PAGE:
Black chokeberry reduces ethanol-induced gastric damage. - GreenMedInfo Summary
Aronia melanocarpa (Black Chokeberry) Reduces Ethanol-Induced Gastric Damage via Regulation of HSP-70, NF-κB, and MCP-1 Signaling.
Int J Mol Sci. 2017 Jun 5 ;18(6). Epub 2017 Jun 5. PMID: 28587230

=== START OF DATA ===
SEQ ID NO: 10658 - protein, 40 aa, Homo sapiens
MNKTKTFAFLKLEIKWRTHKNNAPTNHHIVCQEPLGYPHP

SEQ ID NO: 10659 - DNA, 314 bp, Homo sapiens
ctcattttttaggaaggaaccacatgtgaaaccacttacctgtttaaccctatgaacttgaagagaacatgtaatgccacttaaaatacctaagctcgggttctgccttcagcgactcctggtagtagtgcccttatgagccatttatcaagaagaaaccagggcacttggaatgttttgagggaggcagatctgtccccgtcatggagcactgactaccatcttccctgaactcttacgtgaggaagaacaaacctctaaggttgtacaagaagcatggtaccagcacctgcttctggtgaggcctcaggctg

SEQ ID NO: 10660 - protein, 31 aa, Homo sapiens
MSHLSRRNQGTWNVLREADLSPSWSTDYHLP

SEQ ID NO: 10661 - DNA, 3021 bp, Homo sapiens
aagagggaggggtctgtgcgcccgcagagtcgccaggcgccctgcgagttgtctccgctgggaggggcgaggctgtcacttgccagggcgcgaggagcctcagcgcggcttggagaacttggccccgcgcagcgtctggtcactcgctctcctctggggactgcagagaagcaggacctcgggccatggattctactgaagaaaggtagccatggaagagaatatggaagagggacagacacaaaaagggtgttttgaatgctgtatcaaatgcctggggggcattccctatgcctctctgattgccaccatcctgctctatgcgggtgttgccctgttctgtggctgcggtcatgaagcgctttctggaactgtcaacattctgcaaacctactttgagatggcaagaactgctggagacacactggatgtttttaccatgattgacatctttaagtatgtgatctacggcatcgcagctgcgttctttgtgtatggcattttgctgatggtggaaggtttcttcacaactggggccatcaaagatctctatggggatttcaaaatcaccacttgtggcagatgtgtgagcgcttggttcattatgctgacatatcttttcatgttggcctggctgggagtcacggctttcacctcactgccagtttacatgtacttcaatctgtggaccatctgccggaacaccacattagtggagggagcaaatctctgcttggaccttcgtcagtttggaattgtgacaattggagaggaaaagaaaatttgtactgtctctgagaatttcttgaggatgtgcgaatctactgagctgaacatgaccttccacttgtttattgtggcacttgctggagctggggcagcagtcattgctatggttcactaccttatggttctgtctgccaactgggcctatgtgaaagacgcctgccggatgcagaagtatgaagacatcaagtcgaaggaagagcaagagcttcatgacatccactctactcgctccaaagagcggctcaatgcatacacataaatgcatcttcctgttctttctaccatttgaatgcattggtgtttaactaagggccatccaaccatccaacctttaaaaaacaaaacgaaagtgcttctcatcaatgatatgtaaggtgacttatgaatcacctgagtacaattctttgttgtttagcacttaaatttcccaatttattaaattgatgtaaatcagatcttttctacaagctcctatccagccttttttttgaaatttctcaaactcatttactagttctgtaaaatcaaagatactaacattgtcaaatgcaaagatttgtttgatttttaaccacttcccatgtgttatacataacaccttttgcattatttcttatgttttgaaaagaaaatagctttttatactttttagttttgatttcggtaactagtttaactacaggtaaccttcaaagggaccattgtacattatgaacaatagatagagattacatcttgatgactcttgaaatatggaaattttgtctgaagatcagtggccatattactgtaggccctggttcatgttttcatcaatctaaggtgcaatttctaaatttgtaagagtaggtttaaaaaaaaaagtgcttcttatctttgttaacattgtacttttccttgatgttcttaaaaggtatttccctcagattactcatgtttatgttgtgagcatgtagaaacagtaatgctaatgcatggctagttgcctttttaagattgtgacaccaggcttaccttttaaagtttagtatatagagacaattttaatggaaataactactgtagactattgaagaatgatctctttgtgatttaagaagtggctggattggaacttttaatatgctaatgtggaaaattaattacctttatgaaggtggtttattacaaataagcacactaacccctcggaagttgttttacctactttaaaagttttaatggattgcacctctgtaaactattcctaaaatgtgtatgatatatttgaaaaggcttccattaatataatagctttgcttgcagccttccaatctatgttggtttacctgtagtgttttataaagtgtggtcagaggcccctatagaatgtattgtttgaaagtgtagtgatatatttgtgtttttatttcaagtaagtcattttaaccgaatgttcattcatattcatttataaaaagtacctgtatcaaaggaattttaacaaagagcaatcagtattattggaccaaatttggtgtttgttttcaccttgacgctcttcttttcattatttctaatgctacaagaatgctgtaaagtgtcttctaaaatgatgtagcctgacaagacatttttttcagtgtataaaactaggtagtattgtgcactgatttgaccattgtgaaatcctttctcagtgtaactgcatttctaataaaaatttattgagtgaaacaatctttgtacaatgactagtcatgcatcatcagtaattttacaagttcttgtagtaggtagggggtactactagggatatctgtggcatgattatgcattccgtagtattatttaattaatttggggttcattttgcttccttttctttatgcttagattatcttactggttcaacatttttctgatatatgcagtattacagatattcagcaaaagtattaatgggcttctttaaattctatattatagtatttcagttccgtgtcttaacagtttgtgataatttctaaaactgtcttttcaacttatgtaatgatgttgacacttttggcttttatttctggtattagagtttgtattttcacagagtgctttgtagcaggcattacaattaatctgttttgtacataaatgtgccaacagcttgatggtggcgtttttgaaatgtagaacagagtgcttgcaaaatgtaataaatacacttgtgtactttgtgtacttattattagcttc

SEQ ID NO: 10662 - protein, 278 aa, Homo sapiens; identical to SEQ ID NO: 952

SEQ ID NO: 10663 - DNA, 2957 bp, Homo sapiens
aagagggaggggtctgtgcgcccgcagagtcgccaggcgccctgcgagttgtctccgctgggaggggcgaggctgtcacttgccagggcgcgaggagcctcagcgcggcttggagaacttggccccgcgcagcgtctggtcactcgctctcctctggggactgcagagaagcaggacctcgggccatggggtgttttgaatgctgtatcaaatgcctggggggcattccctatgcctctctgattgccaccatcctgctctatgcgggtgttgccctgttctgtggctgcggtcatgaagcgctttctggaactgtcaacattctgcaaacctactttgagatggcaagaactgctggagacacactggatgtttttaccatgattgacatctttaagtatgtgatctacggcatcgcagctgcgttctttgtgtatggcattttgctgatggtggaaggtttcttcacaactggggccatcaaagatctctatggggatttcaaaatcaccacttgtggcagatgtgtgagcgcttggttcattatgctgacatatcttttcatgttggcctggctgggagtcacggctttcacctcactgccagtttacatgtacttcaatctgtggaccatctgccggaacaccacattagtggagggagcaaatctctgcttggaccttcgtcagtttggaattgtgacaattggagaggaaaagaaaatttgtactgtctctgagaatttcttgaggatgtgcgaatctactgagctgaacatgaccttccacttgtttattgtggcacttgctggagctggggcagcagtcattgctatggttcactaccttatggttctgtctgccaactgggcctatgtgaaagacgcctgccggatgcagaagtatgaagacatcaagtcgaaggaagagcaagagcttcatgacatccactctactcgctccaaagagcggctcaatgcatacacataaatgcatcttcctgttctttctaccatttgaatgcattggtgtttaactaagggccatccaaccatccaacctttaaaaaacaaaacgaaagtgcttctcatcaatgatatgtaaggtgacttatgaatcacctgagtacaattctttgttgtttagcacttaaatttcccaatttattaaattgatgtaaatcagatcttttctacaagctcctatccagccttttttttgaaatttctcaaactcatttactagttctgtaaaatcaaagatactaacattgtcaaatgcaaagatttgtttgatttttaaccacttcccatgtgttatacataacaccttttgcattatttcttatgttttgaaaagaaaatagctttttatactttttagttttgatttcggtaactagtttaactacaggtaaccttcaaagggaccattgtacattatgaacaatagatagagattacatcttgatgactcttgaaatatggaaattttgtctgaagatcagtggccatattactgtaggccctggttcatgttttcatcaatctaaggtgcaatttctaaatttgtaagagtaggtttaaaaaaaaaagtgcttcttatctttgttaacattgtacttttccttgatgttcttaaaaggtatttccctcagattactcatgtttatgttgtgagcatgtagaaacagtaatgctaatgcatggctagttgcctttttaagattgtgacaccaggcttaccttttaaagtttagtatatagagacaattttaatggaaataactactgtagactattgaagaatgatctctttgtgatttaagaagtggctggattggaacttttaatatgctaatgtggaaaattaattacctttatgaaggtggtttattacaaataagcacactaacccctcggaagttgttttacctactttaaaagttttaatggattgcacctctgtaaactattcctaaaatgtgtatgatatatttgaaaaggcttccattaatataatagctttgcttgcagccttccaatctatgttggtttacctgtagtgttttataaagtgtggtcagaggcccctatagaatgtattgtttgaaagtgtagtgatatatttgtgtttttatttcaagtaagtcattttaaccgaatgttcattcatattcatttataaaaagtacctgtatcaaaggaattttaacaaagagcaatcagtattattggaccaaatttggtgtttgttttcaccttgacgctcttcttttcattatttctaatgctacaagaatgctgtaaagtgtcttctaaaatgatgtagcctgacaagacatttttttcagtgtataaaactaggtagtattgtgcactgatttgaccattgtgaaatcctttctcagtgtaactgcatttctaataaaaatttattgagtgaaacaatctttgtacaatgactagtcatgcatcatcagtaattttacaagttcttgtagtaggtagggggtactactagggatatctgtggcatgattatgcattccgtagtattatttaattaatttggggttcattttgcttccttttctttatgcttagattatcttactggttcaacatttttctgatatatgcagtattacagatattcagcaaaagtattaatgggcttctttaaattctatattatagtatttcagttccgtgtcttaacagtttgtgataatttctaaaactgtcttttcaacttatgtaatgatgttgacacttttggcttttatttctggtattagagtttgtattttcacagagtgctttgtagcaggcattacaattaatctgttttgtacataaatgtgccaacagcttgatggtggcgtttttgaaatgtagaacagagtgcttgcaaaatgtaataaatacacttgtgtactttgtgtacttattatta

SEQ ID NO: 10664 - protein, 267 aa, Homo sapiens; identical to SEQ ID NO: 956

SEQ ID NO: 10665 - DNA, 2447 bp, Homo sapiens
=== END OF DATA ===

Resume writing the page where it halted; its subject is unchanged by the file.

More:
Aronia melanocarpa (Michx.) Ell. belongs to the Rosaceae family. The purpose of this study is to explore the gastroprotective effect of the Aronia melanocarpa hydro-alcoholic extract (AMHAE) against ethanol-induced gastric ulcer in a rat model. Different concentrations (50, 100, and 200 mg/kg) of AMHAE, or 30 mg/kg of omeprazole, significantly inhibited the gastric injury formation. The ethanol-induced ulcer group showed significant increases of malondialdehyde (MDA), myeloperoxidase (MPO), tumor necrosis factor (TNF)-α, nuclear factor-kappaB p65 (NF-κB p65), and monocyte chemoattractant protein (MCP)-1, and decreased activities of superoxide dismutase (SOD), catalase (CAT), glutathione peroxidase (GSH-px), and interleukin (IL)-4. However, AMHAE (200 mg/kg) pretreatment significantly reversed the altered pathophysiological levels of these biomolecules to near normal stages. The gastroprotective activity of AMHAE was abolished by pretreatment with l-NAME, naloxone, capsazepine, and indomethacin, demonstrating the participation of nitric oxide (NO), opioids, TRPV (vanilloid receptor-related transient receptor potential), and prostaglandins in AMHAE-assisted gastroprotection against ethanol-induced gastric injuries. This gastroprotective effect of AMHAE might be due to the downregulation of TNF-α-based NF-κB, MCP-1 signaling and strong antioxidant properties.